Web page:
Does information need to be conveyed in a clear, systematic method? Yes, without question. But if you give nascent filmmakers formulaic recipes, we all end up having to sit through formulaic films. The focus should be on tying shots to the delivery of story elements in a proper sequence that ensures audience comprehension and enjoyment. I designed a film for a 2018 shoot where the progression of information dissemination via composition and framing is specific to different characters within the story — protagonist scenes progress visually one way; antagonist-dominant scenes another.
Shots are building blocks or components of an equation. When one fully understands the story needing to be told, one appreciates and utilizeds that while 1 + 2 + 4 = 7, so does 4 + 2 + 1, as well as all the other mathematic iterations.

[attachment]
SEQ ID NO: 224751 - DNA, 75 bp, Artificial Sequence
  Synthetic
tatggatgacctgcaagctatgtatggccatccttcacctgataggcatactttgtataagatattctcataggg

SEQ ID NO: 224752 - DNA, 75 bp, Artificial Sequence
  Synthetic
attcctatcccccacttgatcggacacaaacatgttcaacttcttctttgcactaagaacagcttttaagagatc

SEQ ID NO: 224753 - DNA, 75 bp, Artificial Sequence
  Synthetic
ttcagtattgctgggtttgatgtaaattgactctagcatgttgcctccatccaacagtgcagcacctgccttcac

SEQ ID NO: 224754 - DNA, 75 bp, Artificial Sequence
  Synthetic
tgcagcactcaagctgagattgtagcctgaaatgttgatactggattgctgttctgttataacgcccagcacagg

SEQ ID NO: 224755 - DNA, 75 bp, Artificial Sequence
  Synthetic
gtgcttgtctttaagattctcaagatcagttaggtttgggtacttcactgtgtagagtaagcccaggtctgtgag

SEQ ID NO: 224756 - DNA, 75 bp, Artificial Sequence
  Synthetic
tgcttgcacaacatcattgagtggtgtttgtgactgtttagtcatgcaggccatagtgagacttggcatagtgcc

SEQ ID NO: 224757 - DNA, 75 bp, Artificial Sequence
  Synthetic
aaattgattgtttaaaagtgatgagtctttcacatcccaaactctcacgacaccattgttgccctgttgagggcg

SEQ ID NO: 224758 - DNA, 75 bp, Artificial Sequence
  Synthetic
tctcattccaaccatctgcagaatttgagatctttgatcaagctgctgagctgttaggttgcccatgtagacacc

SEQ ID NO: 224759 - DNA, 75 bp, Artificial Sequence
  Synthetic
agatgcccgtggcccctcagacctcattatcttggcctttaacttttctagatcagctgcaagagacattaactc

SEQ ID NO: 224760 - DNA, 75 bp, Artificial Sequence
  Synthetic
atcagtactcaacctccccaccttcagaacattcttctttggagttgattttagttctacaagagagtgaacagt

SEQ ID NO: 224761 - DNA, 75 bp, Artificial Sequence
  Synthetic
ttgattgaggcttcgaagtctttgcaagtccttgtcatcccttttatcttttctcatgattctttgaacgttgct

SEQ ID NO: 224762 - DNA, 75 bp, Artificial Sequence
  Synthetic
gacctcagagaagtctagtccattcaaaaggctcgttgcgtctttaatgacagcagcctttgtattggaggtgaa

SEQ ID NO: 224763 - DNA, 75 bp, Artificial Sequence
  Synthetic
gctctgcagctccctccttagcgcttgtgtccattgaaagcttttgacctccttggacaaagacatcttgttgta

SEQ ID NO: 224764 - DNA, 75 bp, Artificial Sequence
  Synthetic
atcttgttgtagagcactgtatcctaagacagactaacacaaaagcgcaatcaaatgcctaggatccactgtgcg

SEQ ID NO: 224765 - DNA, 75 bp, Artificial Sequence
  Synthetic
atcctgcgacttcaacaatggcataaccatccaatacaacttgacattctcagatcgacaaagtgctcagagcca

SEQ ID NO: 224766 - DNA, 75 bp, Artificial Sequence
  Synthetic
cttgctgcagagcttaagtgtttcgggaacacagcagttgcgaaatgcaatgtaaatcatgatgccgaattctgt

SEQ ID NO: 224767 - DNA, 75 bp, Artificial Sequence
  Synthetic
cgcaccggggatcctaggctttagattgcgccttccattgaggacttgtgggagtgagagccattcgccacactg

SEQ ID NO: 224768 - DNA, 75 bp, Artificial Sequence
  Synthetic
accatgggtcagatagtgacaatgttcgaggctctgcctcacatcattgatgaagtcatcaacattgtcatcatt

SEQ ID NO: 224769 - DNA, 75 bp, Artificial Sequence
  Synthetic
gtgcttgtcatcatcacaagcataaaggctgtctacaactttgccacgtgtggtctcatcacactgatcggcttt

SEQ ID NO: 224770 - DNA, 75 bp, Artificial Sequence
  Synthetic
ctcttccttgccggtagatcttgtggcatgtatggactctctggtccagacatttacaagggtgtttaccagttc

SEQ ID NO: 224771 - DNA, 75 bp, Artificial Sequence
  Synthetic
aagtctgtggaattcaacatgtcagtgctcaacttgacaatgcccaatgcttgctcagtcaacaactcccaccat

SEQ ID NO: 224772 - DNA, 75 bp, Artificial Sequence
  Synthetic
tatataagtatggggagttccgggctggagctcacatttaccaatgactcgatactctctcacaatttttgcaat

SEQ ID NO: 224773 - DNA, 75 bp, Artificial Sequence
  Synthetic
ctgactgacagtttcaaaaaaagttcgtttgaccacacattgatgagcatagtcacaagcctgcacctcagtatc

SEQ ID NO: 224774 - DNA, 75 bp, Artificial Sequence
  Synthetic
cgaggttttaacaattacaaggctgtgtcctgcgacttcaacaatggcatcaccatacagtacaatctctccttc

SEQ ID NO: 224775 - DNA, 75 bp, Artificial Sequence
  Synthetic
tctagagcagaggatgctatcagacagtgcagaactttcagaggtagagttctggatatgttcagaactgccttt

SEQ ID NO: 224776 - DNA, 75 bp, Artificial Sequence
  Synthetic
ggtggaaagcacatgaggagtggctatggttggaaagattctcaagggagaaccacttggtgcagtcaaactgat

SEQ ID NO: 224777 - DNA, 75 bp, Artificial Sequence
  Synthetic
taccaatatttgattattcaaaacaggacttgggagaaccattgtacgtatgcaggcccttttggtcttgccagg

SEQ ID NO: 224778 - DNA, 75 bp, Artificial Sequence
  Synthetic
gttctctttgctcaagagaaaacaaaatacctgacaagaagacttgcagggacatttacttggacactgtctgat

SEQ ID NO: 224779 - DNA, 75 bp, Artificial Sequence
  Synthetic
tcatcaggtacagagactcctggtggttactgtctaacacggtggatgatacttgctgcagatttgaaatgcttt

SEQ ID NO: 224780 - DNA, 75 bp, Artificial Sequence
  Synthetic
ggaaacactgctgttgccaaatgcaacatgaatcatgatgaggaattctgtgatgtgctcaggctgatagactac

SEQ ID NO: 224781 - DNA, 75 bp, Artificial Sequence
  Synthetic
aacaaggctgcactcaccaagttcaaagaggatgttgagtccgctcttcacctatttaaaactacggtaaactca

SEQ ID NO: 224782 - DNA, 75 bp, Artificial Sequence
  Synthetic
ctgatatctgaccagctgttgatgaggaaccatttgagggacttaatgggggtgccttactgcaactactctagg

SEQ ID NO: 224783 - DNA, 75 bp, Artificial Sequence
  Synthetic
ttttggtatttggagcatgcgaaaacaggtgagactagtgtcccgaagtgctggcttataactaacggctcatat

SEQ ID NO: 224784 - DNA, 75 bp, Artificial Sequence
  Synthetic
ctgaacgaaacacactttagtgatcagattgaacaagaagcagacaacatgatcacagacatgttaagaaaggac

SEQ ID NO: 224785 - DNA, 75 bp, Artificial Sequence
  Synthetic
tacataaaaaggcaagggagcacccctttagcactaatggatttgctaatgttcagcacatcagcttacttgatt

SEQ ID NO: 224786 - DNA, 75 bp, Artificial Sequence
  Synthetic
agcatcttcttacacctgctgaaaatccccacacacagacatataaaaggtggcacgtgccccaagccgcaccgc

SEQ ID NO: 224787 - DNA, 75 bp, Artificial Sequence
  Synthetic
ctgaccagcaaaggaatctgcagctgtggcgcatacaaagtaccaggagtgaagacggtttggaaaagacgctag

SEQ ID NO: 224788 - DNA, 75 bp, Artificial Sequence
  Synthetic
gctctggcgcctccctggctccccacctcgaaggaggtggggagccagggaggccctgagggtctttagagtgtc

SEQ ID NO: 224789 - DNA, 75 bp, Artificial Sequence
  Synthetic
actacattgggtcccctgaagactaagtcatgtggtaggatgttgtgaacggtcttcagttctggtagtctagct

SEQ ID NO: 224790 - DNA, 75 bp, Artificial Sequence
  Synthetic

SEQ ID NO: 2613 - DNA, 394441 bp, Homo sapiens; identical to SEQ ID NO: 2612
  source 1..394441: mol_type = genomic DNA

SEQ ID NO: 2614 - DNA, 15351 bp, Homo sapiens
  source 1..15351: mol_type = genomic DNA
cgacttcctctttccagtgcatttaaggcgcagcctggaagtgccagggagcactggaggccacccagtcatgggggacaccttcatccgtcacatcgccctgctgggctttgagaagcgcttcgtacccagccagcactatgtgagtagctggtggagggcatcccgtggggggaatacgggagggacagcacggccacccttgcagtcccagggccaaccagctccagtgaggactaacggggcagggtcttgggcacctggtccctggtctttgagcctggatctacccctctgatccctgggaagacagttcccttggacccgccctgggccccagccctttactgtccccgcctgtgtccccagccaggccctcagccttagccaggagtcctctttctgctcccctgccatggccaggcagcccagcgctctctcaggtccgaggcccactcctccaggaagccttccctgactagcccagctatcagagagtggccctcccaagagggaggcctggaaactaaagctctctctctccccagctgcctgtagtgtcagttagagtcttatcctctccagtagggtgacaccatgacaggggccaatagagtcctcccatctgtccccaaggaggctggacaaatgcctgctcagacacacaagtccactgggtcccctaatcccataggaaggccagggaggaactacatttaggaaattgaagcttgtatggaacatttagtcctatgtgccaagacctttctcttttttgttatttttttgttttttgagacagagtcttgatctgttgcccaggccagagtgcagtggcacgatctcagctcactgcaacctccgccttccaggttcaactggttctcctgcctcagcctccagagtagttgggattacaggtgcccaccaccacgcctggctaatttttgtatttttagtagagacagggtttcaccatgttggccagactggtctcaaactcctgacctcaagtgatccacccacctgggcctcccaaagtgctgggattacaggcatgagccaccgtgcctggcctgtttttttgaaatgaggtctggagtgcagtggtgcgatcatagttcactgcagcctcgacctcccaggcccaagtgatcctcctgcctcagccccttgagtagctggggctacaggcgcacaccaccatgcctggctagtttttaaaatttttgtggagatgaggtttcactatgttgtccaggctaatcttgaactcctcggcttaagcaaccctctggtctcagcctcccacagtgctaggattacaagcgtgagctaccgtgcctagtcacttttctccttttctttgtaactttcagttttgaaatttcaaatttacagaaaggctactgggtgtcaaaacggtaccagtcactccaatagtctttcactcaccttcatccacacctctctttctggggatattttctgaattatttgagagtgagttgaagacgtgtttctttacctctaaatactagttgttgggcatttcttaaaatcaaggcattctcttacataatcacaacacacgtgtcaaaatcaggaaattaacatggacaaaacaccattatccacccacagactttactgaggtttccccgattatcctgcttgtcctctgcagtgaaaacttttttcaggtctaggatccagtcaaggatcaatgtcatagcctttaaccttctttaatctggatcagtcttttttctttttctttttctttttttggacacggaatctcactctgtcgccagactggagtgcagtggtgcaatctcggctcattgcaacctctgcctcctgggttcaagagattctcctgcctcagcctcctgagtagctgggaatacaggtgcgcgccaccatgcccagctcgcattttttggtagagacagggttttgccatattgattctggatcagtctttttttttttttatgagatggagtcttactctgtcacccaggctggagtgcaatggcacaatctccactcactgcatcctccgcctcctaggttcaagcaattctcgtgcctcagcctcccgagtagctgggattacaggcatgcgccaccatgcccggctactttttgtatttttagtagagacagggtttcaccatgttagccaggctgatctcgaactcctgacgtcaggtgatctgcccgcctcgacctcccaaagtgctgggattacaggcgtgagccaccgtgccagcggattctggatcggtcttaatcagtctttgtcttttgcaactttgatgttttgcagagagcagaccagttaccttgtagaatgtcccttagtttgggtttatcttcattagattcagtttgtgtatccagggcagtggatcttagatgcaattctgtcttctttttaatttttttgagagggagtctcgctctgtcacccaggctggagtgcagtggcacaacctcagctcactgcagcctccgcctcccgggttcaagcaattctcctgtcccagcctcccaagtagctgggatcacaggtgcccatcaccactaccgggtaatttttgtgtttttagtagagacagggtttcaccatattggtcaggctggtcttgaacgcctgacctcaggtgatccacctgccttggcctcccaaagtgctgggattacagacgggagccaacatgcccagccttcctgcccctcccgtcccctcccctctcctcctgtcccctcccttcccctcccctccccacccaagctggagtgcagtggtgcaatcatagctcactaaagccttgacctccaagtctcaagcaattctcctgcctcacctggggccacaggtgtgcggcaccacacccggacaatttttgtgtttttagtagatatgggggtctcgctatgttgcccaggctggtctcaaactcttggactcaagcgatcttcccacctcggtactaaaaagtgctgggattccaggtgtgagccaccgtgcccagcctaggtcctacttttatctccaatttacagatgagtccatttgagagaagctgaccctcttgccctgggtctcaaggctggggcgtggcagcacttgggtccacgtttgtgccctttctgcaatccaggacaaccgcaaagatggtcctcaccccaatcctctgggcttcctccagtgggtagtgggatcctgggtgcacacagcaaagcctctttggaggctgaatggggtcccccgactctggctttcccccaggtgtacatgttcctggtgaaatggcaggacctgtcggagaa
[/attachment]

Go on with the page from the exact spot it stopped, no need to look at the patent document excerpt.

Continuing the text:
Let’s encourage filmmakers to know their stories to the very core and work to find the most interesting and compelling ways to tell them. The multiplexes already have enough “by the book” filmmaking numbing us into staying home.
I am, generally speaking, not a fan of short films. Story components of plot, action, character development and arc and other ingredients typically need a certain amount of real estate to exist, play and properly resolve -- it is tough to build a mansion on a 1,000 square-foot lot, if you will.
That being said, I would be more of a fan if more of them delivered to the extent that Rod's do here (this is my first exposure to Rod's work). Every short film (or features, for that matter) should be this damn good.
I will be looking for HERE ALONE.